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Books I have read, re-read, am reading and will read in the course of a fiction-crammed summer.  It will be obvious that I am writing about Nicholson Baker, and about ghosts in fiction.

A Box of Matches, Nicholson Baker
U and I, Nicholson Baker
The Everlasting Story of Nory, Nicholson Baker
The Anthologist, Nicholson Baker

(Also re-looked-at The Mezzanine, Vox and Room Temperature.)

The Love We Share Without Knowing, Christopher Barzak
Beyond Black, Hilary Mantel
Alive in Necropolis, Doug Dorst
Asleep, Banana Yoshimoto
Stories by Haruki Murakami
Midnight Picnic, Nick Antosca
In Persuasion Nation, George Saunders, and other stories
Intro and selections from The Norton Book of Ghost Stories, ed. Brad Leithauser
Little Stranger, Sarah Waters
Magic for Beginners, Stranger Things Happen, Kelley Link

Waiting for the Straub-edited antho mentioned above.

This is more fiction than I have ingested in any summer since... I don't know when, sometime in the late sixties or early seventies probably, consuming John Barth and Thomas Pynchon and the Ballantine fantasy novels and Ada and and...


Aug. 9th, 2009 02:51 pm (UTC)
I actually haven't read any of his short stories yet. Just his novels.

Interesting that you mention Ueda Akinari. I am a student of folklore, and I recently did about four years' study on that of the Japanese. Akinari's Tales of Moonlight and Rain was really interesting. If you want some pretty good Japanese ghost stories, I'd recommend Izumi Kyōka. There's a book of his stories translated into English called Japanese Gothic Tales.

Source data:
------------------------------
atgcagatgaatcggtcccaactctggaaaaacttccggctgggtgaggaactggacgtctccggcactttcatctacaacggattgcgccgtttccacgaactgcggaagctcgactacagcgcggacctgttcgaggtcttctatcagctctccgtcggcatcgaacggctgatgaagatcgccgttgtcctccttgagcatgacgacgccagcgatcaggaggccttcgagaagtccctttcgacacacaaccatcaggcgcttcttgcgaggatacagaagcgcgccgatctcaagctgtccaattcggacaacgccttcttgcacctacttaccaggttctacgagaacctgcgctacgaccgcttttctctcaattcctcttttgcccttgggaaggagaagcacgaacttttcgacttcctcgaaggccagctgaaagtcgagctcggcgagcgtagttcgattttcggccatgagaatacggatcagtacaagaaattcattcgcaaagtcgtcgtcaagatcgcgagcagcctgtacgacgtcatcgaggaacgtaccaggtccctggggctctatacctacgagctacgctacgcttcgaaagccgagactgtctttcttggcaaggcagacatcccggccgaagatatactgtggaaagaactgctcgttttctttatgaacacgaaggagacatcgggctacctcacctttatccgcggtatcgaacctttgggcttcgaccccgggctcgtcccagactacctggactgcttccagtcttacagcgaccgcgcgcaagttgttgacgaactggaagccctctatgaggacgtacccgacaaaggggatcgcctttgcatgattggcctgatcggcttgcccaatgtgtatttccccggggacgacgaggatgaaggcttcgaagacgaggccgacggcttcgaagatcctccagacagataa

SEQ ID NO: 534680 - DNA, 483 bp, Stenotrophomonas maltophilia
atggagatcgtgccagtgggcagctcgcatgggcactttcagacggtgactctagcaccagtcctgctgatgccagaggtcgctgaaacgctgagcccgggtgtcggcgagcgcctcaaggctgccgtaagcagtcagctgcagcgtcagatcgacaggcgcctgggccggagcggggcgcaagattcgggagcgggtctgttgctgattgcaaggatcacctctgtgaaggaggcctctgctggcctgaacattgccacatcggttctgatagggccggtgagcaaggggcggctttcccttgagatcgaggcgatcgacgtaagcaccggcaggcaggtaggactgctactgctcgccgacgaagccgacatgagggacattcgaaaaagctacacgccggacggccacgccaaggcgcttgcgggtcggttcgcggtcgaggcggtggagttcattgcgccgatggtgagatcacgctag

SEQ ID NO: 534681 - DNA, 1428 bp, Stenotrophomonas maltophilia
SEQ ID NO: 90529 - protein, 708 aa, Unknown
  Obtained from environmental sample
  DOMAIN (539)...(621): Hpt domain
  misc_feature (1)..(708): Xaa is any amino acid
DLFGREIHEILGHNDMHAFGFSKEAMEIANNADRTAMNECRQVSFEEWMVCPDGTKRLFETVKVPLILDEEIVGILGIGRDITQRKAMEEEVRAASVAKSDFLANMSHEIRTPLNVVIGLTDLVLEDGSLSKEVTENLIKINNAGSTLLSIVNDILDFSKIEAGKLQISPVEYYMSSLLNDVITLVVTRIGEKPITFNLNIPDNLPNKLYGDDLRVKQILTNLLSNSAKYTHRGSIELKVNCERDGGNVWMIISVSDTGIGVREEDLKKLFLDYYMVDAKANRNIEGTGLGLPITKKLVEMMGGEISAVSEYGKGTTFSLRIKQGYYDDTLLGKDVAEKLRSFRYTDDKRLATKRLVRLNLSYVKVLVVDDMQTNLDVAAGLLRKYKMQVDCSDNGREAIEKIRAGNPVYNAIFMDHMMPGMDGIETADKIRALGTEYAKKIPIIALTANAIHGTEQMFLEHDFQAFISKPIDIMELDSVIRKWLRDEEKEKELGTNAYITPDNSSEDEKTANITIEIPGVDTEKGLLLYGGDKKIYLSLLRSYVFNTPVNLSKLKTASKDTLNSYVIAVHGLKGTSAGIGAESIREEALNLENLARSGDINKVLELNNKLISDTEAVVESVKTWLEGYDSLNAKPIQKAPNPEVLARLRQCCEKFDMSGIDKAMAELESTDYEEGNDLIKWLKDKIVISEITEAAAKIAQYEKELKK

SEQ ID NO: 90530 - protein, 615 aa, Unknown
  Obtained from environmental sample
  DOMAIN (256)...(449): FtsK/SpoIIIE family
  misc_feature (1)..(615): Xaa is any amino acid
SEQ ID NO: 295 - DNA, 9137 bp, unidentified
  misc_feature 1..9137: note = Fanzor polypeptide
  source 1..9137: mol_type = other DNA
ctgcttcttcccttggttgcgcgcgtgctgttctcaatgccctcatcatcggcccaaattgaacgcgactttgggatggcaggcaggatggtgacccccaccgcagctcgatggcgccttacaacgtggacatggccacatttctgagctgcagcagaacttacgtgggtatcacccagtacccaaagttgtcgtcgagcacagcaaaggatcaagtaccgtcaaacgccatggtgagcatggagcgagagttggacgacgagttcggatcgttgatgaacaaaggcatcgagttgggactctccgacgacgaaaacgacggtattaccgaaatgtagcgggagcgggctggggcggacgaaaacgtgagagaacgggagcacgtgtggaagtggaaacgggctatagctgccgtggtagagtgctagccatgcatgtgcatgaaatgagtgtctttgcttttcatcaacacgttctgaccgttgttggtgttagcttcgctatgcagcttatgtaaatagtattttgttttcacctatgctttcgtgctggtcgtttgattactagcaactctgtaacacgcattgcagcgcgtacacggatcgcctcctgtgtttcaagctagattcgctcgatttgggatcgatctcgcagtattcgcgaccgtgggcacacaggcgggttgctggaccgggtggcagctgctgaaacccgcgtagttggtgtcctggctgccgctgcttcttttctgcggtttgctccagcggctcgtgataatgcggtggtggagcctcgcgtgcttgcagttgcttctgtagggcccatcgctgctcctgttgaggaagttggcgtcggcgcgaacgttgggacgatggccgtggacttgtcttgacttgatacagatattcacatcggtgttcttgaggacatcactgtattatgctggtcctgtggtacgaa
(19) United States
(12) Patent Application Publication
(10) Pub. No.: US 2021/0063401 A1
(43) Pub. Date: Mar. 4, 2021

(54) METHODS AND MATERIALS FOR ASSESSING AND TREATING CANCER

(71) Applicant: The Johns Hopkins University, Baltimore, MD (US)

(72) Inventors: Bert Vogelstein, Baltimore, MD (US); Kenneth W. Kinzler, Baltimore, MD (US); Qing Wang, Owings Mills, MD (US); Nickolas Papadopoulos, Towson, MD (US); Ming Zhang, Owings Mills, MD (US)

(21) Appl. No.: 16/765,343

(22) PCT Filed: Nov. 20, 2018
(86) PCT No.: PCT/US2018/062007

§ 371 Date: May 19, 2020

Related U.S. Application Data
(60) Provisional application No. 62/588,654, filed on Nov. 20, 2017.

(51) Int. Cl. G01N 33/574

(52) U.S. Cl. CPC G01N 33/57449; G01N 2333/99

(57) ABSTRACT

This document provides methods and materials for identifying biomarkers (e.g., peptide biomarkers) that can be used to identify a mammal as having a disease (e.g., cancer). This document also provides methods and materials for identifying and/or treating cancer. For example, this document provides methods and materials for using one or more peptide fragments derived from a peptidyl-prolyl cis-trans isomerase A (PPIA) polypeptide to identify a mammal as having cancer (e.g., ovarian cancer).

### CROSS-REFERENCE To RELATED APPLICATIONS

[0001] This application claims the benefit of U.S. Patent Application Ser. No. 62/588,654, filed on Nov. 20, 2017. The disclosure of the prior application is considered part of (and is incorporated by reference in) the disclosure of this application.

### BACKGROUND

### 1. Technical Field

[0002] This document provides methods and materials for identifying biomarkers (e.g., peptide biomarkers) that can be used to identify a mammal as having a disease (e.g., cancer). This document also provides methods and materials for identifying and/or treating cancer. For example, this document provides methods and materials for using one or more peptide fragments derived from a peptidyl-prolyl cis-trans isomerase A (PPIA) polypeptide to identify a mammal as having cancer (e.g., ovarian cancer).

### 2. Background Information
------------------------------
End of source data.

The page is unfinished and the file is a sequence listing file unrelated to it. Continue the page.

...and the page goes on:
As for ghosts in Murakami...I don't know if there are any ghosts proper...Murakami is a surrealist primarily. What I like about his books is that they are, true to life, often unstructured, and at the end the mysterious and supernatural often remains unexplained. The closest I think he has to a ghost would be in the book Kafka on the Shore. It involves what the Japanese call ikiryō, which is the spirit, not of a dead person, but of a living person. That's one of my favorites of his books. Others are Dance Dance Dance, The Wind-up Bird Chronicle, and Norwegian Wood (the last being his only novel to feature no surreal elements at all). But Kafka is probably the best Murakami novel to start out with.
Aug. 11th, 2009 12:38 am (UTC)
Thank you for the hints. This is all a new area for me.